President Asif Ali Zardari on Friday ruled out any unilateral withdrawal of troops from Siachen, two days after Army Chief General Ashfaq Pervez Kayani proposed demilitarization of the world's highest battlefield. President Zardari was apparently reacting to the statement of the opposition leader, Nawaz Sharif, who had urged Pakistan and India to withdraw troops from Siachen, where harsh weather has killed more troops of the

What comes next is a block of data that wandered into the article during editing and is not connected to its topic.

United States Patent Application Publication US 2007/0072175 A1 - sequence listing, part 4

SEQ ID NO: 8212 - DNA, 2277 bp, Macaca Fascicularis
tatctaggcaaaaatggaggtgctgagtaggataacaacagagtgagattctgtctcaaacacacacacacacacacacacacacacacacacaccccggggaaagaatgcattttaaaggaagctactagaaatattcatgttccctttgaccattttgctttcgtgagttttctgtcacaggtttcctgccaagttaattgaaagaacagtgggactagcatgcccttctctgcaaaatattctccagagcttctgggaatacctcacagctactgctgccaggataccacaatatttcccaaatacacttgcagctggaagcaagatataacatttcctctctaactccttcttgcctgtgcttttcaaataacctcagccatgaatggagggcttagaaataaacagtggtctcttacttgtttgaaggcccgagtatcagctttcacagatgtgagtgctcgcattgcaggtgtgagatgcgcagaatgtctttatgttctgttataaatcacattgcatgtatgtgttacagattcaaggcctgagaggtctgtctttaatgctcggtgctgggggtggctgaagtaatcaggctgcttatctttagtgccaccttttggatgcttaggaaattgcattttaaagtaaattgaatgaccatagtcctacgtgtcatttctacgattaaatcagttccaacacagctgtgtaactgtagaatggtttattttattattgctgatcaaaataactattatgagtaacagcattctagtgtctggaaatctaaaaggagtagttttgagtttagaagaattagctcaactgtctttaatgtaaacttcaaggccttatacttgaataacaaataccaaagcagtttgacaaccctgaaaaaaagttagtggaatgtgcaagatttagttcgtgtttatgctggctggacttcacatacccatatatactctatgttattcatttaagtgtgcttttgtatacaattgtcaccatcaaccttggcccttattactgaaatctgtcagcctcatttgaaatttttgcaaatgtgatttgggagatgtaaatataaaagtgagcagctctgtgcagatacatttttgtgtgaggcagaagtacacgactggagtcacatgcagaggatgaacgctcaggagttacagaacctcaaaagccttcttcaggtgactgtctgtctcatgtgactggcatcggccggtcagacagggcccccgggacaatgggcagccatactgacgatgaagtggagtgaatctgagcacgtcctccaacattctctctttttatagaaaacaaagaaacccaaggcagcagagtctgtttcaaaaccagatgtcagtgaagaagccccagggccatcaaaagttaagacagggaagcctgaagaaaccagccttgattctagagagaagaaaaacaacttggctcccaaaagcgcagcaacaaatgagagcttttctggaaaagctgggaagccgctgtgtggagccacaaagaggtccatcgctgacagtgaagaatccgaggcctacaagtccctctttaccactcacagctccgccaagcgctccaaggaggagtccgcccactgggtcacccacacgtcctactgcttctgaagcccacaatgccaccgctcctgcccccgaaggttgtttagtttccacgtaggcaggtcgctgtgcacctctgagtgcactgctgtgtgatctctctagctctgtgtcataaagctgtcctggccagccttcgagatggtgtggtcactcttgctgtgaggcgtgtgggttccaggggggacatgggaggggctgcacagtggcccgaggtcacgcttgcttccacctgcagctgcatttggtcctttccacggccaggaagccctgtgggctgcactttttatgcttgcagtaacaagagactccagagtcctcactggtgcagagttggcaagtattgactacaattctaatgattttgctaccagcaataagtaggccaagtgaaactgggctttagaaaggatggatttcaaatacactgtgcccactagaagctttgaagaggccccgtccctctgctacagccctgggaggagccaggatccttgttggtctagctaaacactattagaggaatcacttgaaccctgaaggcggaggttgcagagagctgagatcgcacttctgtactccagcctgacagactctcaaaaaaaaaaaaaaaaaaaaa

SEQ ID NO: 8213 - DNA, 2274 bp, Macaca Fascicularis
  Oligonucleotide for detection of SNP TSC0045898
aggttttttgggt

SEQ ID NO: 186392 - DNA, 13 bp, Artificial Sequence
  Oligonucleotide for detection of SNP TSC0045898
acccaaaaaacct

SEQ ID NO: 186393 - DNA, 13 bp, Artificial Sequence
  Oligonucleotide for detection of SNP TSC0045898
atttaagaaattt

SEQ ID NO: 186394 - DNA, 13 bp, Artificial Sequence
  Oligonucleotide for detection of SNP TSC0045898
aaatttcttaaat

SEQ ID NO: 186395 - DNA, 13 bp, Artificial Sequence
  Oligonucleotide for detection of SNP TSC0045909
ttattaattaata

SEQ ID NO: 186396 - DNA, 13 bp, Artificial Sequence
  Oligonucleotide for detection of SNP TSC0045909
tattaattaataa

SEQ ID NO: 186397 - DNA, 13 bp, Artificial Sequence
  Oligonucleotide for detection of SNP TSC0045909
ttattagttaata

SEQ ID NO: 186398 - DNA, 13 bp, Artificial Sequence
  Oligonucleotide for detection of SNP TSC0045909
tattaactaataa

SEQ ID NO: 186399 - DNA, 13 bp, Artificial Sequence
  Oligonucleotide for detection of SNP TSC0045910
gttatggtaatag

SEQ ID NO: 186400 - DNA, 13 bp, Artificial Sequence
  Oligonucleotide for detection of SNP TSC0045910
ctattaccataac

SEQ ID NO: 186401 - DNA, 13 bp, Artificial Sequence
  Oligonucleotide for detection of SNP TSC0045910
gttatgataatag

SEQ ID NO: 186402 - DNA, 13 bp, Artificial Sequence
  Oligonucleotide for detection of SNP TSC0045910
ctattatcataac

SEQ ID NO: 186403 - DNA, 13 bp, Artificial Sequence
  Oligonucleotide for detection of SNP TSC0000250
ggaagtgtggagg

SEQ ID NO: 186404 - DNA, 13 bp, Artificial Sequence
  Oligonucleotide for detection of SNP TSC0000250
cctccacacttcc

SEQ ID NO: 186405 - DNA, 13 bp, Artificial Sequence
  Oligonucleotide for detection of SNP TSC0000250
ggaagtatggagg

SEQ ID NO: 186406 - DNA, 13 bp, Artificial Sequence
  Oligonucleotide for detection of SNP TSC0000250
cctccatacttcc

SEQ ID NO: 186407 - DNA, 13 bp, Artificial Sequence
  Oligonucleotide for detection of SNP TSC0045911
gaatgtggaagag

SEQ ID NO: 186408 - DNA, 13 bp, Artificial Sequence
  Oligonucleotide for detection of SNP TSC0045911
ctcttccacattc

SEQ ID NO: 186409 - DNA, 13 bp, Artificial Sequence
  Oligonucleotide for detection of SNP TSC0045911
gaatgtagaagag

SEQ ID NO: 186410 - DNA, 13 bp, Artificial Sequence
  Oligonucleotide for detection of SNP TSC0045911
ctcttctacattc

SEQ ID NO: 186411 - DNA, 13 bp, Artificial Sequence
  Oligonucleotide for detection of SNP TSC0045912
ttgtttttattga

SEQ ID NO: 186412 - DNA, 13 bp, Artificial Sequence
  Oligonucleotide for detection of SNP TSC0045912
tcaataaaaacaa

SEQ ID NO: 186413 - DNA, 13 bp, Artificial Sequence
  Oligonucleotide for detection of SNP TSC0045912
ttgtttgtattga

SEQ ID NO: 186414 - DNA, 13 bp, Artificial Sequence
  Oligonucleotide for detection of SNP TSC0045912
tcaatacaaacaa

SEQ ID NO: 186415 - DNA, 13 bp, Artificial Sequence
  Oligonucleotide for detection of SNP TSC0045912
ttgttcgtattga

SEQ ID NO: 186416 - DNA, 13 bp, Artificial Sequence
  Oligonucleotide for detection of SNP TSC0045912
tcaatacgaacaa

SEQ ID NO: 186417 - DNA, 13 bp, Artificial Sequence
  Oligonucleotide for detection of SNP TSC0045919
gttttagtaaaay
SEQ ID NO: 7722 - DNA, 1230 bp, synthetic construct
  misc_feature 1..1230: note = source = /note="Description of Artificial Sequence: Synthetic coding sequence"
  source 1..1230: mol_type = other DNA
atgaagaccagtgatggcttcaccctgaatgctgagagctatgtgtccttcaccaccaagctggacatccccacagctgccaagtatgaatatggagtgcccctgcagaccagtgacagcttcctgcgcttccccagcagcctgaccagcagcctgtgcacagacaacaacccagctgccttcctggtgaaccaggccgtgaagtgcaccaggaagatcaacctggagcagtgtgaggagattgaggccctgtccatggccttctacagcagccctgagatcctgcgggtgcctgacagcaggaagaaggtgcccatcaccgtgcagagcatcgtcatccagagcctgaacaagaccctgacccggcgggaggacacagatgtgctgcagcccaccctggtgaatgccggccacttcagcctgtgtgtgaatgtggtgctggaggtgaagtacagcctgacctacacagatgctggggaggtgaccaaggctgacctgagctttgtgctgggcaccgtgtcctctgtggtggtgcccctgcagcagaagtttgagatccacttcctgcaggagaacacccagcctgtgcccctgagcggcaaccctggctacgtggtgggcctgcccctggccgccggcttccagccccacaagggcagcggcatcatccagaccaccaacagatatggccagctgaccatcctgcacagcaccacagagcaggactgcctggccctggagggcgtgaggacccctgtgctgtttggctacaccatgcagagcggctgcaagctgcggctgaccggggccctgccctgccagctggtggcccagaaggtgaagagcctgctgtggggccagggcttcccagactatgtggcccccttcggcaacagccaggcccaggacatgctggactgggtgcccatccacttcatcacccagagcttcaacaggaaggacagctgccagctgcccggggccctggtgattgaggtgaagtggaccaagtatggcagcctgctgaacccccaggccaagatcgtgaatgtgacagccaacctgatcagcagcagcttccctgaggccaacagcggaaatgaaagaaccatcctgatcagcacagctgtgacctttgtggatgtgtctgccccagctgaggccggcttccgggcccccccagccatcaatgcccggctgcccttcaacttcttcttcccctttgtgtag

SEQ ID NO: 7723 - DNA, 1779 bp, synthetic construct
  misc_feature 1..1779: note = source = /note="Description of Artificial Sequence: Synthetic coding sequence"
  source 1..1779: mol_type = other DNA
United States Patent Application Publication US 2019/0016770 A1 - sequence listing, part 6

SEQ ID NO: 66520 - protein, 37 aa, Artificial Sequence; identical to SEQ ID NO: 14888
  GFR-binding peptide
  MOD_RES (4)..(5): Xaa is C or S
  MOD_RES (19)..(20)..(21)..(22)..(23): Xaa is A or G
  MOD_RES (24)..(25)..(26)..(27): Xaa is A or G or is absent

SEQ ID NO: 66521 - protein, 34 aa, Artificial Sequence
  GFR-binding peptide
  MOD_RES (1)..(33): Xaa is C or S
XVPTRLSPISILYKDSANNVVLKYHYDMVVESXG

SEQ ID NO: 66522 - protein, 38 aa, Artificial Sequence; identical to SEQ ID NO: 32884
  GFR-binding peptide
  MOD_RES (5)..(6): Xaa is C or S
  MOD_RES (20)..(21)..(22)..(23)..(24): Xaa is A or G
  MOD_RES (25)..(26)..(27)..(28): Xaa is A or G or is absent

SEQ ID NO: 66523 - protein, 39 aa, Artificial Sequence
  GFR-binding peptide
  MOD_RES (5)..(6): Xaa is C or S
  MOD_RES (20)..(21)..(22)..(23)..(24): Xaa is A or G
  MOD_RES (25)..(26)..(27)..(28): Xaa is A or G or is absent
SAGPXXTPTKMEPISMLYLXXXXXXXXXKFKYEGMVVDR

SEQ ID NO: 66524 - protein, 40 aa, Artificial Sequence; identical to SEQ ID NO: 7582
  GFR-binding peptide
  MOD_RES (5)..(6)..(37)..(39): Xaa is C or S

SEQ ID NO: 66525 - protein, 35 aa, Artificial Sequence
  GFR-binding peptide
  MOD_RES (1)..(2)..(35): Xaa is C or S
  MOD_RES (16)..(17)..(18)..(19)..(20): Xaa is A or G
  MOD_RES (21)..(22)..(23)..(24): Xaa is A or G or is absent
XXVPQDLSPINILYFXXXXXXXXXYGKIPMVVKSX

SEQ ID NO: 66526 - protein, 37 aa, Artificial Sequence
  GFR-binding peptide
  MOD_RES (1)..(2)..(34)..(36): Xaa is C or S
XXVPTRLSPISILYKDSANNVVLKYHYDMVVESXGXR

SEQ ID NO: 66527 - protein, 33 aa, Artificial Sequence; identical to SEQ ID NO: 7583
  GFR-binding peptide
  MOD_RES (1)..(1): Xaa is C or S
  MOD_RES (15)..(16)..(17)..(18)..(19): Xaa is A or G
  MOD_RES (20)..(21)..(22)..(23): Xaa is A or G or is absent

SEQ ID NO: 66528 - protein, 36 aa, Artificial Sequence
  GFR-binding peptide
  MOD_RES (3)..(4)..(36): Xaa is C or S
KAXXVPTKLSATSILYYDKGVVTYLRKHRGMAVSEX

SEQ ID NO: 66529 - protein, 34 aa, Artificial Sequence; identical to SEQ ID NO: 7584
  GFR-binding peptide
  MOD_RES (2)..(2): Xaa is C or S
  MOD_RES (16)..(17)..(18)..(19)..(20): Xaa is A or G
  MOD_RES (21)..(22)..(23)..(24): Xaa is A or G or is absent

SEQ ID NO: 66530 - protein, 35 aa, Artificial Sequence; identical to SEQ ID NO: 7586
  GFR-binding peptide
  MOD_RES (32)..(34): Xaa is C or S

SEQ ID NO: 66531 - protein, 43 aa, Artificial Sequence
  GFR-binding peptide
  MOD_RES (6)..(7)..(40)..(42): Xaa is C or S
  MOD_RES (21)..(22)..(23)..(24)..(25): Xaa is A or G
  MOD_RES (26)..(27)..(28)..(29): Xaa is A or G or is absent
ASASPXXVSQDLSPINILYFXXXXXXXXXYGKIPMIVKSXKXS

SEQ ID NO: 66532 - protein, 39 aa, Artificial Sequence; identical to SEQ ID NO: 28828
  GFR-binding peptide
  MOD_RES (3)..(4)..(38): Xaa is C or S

two countries than fighting. Sharif had also suggested to the government to take initiative of withdrawing troops even if India is unwilling to withdraw the troops first. India had occupied its areas at Siachen in 1984 and has been demanding withdrawal of Indian troops to the previous positions. The dispute over Siachen has been in focus since an avalanche hit a Pakistan Army camp on April 7, burying 138 soldiers and civilians under heavy snow. "We can not unilaterally withdraw troops from Siachen,” President Zardrai told his party supporters in Okara district. “If India withdraws its troops we will be ready to take similar step,” he said. The conflict had brought thousands of Pakistani and  Indian troops eyeball to eyeball at Siachen in mid-80s. Guns at Siachen have been silent since a ceasefire in 2003 along the Line of Control, which divides Pakistan and India in the disputed Kashmir region. He said Pakistan is ready to resolve Siachen and all other disputes with India through dialogue. He said if Pakistan unilaterally withdrew troops then the people will criticize the decision. “India is suffering more losses in Siachen than Pakistan,” President Zardari said. He also announced to consider opening another trade route with India with the border district in Punjab province, adding he had discussed with Indian Prime Minister Manmohan Singh ways to promote trade ties during his visit to India this month. General Kayani visited Siachen along with President Zardari on Wednesday and highlighted the need to solve the issue so that the two countries can spend money on the welfare of their people. Foreign Office spokesman Muazzam Khan also said on Thursday Pakistan is not thinking of any unilateral redeployment of troops at Siachen. “Pakistani has made several proposals to resolve the military standoff on Siachen, including a proposal for mutual re-deployment of troops,'' Khan told reporters. He said Pakistan is ready for talks on the issue but there is no change in its stance.